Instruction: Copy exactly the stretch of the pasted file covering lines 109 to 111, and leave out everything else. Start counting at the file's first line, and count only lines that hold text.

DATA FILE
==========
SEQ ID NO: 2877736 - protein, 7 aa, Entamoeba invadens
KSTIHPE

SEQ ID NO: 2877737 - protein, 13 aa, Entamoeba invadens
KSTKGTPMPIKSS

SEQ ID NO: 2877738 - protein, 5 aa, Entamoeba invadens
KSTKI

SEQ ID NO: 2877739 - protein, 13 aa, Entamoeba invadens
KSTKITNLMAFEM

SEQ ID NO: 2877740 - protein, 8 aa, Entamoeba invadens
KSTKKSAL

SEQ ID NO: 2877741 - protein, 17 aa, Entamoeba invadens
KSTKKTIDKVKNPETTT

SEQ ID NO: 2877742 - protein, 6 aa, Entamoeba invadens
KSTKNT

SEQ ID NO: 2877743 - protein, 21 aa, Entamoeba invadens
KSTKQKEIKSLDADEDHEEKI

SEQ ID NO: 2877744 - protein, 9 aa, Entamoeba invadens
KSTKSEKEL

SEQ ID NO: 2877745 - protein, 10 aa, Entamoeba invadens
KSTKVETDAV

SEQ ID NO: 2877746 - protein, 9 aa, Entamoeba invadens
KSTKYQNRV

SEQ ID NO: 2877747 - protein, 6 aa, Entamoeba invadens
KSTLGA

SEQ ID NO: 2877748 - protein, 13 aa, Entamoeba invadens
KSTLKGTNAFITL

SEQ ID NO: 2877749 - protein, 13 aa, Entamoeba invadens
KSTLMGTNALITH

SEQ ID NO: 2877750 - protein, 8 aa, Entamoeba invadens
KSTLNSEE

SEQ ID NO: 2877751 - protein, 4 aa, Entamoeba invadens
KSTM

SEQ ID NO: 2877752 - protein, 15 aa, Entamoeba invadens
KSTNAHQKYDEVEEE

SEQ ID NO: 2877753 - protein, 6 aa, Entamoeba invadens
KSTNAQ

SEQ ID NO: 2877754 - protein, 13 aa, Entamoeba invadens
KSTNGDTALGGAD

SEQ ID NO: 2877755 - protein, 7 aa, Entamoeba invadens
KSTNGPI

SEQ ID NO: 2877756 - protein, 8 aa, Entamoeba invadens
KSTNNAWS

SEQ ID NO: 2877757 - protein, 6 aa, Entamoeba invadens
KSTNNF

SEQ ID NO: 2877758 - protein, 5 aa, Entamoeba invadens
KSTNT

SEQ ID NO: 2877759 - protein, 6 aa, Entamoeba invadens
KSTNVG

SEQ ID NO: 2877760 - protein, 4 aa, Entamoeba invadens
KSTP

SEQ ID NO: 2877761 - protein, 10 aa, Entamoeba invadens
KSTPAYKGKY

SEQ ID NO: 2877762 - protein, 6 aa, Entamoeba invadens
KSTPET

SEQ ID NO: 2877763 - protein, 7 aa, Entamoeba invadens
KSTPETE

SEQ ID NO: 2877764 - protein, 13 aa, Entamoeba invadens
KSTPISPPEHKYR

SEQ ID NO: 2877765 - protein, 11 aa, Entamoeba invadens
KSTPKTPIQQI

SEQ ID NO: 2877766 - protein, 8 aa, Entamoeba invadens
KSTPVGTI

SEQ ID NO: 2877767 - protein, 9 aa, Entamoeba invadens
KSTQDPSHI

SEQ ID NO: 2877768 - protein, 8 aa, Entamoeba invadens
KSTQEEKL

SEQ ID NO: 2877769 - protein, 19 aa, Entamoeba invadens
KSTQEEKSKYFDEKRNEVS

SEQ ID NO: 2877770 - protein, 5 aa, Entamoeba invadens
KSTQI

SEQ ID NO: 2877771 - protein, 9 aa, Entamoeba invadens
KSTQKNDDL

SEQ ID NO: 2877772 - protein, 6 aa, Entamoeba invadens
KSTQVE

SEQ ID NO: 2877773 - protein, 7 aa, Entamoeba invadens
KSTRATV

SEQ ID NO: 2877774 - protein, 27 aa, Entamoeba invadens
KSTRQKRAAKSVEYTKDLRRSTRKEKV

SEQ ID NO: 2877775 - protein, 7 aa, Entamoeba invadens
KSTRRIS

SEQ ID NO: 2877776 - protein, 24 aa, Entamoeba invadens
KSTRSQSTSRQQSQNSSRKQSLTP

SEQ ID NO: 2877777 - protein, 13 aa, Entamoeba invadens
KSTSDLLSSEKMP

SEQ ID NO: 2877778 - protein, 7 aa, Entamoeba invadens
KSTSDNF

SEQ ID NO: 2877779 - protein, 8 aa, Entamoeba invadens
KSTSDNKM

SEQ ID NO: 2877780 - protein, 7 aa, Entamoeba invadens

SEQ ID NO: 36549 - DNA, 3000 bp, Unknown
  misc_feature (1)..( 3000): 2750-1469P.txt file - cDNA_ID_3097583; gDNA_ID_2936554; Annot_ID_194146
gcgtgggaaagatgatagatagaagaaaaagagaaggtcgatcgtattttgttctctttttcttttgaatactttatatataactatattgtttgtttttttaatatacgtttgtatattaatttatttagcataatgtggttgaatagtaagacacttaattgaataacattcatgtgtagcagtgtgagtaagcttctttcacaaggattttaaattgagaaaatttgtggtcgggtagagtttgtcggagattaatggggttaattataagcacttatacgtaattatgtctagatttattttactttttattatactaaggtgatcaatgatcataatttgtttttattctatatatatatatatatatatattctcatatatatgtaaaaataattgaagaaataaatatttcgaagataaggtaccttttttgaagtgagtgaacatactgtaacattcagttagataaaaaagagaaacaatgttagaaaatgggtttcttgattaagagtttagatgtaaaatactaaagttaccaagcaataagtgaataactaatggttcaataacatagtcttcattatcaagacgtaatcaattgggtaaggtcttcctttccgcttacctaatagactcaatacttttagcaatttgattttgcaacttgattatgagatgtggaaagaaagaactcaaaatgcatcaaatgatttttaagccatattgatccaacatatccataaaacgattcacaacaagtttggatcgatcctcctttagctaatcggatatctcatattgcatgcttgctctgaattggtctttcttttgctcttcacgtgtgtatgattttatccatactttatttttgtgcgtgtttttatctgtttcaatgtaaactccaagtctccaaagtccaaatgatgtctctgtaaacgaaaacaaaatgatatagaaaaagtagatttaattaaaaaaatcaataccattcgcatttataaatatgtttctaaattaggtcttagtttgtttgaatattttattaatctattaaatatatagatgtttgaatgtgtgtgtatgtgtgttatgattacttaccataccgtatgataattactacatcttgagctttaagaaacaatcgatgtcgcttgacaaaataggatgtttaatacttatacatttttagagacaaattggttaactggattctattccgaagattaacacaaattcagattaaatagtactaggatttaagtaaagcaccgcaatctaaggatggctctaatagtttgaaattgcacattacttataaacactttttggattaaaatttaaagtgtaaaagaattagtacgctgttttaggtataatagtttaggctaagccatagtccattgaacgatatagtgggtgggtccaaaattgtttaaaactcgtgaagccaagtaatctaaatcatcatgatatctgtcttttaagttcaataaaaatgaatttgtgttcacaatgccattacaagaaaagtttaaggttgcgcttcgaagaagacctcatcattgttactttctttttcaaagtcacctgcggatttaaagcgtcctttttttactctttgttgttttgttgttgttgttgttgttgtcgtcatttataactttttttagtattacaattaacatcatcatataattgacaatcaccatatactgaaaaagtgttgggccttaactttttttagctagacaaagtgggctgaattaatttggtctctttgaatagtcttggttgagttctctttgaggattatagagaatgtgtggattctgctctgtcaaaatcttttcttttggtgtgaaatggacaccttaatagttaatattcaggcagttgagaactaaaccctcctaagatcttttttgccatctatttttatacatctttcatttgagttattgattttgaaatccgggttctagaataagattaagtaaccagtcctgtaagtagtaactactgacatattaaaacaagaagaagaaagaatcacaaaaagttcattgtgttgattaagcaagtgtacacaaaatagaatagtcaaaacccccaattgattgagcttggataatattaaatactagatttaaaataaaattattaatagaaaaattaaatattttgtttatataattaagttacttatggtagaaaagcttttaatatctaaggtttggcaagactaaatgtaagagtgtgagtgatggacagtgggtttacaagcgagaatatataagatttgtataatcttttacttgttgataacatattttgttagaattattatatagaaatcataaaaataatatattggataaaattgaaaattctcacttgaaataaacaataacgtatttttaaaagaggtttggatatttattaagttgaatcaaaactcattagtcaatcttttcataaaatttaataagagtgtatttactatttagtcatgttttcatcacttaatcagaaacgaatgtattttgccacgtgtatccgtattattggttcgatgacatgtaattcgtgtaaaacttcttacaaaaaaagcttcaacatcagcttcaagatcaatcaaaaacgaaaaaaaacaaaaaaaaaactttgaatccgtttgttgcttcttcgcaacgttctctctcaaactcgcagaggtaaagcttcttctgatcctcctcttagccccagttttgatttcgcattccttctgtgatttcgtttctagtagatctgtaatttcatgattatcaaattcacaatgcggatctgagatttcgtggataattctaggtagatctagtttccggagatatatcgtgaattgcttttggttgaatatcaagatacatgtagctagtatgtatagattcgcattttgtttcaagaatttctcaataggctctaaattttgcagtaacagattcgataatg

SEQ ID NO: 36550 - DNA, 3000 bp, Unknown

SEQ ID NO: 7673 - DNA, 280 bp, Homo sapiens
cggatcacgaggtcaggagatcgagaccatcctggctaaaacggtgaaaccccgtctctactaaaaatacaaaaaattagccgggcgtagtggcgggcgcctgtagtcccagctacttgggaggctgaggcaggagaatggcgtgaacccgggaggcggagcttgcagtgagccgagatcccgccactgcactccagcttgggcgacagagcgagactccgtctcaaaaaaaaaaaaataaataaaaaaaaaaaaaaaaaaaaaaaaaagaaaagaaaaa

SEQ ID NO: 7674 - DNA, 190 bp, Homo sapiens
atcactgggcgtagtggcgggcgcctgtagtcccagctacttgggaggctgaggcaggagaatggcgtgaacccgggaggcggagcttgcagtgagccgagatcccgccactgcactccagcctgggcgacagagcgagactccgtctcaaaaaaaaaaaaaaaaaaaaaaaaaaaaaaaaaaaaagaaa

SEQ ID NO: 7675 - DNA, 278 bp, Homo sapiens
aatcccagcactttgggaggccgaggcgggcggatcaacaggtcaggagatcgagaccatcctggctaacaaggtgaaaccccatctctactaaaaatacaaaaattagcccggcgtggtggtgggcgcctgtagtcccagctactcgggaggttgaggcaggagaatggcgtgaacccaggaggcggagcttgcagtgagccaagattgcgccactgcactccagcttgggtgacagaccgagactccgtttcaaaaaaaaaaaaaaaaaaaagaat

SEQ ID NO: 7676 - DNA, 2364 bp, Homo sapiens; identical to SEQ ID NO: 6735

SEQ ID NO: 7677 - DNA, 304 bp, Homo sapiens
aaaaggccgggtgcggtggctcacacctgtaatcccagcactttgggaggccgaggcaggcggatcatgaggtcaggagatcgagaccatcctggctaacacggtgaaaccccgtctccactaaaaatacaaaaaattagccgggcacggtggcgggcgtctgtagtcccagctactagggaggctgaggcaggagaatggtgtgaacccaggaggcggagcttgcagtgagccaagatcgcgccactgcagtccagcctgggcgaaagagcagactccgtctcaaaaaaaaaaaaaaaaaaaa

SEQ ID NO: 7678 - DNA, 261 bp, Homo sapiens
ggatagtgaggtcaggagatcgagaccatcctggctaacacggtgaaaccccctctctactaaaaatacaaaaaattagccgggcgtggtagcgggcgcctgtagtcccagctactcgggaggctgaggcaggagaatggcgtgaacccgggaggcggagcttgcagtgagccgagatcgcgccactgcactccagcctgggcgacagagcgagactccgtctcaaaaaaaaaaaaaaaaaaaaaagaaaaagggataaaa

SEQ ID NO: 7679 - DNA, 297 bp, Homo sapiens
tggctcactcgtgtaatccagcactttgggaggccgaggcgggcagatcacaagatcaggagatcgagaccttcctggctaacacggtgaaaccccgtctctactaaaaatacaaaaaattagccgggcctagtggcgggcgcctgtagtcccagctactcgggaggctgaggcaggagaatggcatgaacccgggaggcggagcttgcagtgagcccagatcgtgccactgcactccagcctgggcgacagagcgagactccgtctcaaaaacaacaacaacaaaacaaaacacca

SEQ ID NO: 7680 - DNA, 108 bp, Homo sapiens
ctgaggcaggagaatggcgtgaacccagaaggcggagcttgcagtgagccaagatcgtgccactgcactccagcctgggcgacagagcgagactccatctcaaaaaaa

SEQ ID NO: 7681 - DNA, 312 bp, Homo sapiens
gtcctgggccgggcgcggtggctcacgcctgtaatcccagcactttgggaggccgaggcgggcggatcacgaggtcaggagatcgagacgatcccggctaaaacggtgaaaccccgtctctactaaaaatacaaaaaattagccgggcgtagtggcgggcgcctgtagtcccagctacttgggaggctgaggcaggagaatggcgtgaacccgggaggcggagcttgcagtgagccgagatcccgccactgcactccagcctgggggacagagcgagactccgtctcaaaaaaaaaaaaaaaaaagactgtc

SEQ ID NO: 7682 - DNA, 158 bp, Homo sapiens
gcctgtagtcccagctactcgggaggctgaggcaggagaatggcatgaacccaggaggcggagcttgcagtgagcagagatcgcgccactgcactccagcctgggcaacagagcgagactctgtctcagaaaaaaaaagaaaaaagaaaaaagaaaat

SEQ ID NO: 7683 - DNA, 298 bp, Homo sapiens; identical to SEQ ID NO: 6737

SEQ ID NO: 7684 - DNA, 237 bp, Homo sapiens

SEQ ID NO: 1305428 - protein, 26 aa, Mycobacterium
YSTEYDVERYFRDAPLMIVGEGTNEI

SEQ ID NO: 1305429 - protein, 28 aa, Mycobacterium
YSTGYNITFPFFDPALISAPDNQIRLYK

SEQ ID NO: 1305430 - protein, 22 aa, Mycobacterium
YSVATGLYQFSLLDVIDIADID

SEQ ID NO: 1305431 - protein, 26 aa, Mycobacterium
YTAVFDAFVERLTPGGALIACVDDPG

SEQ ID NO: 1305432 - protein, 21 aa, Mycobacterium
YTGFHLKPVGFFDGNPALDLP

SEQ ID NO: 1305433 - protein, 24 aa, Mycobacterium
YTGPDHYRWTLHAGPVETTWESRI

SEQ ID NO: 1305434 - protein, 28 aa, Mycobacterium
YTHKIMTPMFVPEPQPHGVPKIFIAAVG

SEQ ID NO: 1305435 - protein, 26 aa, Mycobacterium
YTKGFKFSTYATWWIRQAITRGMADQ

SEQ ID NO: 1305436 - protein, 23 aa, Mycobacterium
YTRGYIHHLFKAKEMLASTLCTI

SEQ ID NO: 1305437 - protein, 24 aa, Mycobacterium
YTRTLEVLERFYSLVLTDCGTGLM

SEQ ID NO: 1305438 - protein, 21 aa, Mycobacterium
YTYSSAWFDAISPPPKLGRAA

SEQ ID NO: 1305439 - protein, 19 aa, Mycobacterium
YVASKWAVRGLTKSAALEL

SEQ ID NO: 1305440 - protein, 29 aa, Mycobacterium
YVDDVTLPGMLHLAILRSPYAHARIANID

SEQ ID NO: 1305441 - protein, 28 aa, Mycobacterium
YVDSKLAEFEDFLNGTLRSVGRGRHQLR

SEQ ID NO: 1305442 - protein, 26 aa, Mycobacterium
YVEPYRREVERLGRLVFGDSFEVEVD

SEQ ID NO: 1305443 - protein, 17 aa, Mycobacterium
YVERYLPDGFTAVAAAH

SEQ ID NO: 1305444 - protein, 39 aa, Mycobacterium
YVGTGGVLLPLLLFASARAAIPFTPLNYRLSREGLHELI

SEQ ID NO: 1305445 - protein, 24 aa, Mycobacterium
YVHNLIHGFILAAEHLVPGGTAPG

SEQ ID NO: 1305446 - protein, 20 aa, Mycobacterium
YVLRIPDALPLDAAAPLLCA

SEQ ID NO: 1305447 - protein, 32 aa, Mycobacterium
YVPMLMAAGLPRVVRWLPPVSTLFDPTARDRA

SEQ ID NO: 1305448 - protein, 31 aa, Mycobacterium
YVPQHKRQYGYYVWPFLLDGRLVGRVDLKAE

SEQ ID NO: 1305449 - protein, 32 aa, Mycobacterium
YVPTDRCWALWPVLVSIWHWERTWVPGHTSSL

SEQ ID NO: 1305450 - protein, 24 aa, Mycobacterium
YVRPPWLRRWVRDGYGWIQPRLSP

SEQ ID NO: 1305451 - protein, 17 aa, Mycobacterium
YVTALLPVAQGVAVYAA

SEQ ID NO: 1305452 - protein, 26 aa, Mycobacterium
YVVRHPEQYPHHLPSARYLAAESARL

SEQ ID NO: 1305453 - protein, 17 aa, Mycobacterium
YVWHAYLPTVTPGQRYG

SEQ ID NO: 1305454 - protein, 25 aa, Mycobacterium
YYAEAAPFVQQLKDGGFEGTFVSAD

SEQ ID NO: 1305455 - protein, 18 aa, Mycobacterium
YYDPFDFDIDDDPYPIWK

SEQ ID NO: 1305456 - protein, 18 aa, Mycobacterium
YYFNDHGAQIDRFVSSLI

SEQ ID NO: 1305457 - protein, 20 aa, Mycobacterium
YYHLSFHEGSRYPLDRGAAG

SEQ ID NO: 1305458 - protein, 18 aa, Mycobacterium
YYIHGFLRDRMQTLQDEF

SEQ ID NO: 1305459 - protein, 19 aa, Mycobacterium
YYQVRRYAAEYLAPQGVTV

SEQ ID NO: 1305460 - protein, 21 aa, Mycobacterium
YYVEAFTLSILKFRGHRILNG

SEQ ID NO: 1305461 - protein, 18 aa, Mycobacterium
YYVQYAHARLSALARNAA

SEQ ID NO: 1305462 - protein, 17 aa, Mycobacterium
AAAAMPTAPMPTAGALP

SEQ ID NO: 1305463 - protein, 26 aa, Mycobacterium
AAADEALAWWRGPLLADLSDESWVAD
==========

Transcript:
SEQ ID NO: 7681 - DNA, 312 bp, Homo sapiens
gtcctgggccgggcgcggtggctcacgcctgtaatcccagcactttgggaggccgaggcgggcggatcacgaggtcaggagatcgagacgatcccggctaaaacggtgaaaccccgtctctactaaaaatacaaaaaattagccgggcgtagtggcgggcgcctgtagtcccagctacttgggaggctgaggcaggagaatggcgtgaacccgggaggcggagcttgcagtgagccgagatcccgccactgcactccagcctgggggacagagcgagactccgtctcaaaaaaaaaaaaaaaaaagactgtc

SEQ ID NO: 7682 - DNA, 158 bp, Homo sapiens